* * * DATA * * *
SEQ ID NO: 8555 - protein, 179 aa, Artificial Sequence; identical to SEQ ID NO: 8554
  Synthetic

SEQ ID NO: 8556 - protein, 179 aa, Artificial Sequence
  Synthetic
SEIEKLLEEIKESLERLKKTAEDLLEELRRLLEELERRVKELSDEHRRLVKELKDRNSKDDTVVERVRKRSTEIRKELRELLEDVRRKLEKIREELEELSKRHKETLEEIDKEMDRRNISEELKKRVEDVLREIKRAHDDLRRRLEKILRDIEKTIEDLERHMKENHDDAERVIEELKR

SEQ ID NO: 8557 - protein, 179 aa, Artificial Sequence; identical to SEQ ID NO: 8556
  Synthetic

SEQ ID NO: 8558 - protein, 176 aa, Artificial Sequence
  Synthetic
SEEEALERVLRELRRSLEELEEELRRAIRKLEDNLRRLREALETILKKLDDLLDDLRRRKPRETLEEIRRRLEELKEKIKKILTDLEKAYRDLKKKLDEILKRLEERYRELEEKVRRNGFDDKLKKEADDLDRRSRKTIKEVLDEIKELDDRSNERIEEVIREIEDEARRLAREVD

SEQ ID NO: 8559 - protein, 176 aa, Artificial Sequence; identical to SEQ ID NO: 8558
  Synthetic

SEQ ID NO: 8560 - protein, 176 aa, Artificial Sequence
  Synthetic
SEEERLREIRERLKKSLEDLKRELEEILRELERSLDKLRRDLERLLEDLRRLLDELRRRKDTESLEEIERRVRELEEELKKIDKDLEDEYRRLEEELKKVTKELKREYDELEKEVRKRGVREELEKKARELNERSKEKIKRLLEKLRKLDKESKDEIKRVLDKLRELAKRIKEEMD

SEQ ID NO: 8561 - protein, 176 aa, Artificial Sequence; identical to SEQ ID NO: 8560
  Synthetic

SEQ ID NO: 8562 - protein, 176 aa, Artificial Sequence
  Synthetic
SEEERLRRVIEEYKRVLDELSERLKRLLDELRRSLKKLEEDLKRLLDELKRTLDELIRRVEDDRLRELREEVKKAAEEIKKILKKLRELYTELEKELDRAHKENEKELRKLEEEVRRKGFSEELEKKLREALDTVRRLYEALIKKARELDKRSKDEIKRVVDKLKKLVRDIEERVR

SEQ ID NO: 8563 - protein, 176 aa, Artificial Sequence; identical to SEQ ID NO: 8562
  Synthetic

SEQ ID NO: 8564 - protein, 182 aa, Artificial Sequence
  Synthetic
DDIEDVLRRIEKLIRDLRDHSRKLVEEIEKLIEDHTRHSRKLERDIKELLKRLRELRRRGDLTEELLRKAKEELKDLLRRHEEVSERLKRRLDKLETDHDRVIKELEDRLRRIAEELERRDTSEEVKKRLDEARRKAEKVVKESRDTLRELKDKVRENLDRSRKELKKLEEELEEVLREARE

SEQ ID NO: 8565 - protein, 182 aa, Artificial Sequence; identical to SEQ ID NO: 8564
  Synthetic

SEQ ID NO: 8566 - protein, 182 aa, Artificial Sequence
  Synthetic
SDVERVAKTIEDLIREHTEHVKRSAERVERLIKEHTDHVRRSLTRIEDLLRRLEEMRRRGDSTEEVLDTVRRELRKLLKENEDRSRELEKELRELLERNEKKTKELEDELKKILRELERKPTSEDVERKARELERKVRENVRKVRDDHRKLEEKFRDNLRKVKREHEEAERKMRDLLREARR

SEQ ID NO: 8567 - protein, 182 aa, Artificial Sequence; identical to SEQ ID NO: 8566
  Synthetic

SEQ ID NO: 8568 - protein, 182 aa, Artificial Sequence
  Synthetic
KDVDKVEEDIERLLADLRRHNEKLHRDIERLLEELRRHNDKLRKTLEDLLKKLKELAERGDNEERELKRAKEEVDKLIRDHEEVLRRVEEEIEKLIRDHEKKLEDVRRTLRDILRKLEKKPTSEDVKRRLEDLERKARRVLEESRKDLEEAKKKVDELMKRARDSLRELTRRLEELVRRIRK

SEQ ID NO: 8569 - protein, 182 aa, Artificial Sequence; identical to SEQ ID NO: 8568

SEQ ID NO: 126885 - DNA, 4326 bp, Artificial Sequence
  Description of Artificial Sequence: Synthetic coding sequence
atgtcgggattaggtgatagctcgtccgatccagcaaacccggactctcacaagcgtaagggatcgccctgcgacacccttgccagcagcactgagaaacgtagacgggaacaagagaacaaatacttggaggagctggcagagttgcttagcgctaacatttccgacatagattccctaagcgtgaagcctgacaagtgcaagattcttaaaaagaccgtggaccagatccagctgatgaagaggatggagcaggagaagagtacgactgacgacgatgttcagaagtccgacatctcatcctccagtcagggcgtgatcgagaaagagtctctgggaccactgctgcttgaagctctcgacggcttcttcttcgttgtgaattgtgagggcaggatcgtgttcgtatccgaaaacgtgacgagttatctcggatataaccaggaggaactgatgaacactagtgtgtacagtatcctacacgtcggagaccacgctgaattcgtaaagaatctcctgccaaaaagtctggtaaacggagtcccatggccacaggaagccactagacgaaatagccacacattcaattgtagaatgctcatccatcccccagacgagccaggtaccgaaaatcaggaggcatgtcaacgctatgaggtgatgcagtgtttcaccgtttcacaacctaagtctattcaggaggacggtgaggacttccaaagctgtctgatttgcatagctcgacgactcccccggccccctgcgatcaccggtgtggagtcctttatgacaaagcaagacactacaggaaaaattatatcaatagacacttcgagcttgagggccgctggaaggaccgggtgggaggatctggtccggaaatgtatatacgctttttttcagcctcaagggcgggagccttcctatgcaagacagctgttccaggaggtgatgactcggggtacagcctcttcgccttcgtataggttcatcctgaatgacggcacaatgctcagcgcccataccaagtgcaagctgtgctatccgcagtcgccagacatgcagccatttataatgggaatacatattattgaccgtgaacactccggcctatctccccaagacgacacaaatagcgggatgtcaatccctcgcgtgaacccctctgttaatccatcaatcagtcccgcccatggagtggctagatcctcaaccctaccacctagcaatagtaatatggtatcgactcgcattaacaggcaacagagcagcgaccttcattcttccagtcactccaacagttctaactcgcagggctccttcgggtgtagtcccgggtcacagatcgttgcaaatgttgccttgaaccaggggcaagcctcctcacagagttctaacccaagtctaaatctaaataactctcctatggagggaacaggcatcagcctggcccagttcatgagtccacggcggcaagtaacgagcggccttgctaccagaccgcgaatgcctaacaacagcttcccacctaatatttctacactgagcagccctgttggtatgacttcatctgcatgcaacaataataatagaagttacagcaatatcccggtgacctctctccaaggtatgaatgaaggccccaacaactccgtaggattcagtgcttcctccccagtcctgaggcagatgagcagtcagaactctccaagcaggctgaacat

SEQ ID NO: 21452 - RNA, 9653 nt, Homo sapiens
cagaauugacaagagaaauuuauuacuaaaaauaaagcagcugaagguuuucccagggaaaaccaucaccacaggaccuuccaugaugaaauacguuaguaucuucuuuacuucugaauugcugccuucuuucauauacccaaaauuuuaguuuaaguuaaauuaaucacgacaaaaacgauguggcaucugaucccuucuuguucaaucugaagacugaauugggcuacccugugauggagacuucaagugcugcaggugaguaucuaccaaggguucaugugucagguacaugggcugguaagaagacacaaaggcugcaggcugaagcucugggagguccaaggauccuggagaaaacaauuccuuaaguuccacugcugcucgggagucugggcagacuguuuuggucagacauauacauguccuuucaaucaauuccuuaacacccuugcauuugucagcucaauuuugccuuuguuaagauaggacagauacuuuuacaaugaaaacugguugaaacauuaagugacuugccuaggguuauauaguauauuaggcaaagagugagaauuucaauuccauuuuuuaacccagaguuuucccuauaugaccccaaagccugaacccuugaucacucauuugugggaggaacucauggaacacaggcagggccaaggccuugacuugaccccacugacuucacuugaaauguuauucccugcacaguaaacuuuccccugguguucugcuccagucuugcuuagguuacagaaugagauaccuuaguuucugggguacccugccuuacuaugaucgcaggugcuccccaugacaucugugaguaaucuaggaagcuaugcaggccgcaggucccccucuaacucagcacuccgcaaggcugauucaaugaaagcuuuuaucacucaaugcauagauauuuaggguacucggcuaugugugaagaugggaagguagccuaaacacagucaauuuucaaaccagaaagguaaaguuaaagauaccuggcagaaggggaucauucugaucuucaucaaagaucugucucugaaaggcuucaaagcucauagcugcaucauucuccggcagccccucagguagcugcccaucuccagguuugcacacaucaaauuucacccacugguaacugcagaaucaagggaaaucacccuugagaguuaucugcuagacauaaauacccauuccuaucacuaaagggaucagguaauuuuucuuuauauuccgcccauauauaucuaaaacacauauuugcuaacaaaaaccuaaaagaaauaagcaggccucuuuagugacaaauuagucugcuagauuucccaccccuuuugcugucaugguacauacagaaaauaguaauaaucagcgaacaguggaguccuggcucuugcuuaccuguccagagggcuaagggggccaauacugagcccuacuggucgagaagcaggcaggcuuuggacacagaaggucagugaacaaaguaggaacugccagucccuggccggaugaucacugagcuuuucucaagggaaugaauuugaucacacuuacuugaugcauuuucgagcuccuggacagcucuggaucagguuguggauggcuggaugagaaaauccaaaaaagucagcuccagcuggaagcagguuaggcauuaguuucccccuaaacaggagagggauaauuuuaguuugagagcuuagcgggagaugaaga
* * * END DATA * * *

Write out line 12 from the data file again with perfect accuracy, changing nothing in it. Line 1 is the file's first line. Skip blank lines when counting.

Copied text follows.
  Synthetic